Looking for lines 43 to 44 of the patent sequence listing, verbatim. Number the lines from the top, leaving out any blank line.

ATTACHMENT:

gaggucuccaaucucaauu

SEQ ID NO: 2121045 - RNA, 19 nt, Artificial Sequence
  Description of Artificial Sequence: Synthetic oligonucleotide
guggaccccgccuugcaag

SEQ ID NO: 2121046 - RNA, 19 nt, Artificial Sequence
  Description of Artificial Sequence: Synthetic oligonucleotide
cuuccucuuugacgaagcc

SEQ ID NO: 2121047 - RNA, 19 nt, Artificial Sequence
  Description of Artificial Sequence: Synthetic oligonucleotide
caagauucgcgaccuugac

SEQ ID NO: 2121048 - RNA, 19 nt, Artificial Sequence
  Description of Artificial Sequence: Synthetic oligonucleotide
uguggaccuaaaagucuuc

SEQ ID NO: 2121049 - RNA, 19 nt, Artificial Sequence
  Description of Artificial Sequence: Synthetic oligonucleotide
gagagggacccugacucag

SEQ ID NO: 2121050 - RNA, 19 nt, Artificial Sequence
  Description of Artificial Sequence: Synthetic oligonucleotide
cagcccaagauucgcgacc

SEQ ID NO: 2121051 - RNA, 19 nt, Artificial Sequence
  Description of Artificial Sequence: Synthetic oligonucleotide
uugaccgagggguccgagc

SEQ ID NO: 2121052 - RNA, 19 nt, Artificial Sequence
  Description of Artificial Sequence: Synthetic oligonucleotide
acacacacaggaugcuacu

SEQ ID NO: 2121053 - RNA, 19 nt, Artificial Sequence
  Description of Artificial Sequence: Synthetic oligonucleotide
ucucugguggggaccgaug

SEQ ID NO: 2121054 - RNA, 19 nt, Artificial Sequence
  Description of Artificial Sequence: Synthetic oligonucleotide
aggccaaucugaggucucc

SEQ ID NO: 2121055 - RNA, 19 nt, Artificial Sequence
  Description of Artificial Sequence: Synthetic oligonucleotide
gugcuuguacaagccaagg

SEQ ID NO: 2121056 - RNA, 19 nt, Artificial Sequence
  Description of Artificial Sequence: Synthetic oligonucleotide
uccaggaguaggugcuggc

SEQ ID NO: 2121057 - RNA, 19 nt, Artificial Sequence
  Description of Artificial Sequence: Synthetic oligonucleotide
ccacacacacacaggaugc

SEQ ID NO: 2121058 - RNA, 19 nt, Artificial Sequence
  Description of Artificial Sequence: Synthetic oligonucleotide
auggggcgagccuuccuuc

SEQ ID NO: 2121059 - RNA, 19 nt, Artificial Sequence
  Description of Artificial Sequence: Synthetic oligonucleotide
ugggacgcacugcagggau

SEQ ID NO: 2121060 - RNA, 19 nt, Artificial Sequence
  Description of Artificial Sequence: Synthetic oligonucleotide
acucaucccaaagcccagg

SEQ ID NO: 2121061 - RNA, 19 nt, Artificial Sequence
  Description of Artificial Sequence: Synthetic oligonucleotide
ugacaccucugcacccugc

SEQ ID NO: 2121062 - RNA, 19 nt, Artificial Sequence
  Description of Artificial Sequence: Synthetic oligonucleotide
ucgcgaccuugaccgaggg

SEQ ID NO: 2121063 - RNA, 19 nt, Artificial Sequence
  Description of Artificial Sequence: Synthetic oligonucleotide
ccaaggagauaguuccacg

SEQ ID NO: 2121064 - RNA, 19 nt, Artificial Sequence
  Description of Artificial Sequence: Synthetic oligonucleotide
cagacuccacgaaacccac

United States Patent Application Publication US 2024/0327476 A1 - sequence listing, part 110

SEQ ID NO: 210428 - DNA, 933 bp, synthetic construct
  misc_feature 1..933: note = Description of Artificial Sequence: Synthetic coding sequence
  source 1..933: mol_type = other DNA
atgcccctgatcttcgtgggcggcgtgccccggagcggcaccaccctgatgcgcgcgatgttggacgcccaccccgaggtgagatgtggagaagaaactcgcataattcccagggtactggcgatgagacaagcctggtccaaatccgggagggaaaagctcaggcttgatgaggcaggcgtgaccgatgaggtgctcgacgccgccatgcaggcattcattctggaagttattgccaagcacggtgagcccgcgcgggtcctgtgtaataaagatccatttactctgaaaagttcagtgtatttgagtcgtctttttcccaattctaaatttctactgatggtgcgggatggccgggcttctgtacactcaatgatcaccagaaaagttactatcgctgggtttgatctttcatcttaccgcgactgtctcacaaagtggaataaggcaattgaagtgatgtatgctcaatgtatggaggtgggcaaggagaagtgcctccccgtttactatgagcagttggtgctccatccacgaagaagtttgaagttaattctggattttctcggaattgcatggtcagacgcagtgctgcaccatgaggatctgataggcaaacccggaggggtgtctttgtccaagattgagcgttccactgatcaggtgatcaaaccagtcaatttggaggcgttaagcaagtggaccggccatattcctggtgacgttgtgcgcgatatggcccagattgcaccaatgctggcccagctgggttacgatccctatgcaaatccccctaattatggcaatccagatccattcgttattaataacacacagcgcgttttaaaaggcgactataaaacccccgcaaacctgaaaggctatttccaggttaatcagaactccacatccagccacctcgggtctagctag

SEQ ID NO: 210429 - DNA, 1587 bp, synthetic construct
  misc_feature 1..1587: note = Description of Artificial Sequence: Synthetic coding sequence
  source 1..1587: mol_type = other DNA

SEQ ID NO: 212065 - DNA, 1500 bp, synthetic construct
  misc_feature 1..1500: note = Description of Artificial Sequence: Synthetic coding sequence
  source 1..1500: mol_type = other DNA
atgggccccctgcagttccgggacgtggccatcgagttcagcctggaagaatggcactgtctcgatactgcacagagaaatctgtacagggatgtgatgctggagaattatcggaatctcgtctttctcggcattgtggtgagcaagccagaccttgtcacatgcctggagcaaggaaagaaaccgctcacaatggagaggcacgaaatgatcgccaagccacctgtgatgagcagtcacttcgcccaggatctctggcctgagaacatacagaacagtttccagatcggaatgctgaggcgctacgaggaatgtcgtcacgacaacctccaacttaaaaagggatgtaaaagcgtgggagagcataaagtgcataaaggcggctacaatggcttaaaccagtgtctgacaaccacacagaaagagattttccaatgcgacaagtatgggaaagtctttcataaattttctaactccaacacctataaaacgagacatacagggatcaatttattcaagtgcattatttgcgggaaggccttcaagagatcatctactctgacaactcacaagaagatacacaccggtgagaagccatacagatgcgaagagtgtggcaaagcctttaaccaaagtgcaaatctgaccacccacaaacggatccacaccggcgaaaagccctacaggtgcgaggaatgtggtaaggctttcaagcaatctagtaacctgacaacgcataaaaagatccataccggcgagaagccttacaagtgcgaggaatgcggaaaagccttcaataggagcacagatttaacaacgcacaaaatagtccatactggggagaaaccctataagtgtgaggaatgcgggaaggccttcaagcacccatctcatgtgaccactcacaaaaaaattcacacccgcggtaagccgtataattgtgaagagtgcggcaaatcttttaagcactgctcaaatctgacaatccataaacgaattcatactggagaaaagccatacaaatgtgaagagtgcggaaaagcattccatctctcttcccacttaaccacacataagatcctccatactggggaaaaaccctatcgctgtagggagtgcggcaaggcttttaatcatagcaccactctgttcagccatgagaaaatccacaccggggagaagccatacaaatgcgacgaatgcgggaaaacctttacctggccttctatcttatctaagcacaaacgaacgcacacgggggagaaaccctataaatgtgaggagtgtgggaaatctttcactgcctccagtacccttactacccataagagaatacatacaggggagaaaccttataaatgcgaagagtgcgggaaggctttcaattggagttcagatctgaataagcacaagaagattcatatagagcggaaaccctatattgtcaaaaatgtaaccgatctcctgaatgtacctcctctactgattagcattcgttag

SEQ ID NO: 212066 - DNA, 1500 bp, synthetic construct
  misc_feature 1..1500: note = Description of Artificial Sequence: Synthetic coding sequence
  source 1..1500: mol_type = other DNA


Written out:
auggggcgagccuuccuuc

SEQ ID NO: 2121059 - RNA, 19 nt, Artificial Sequence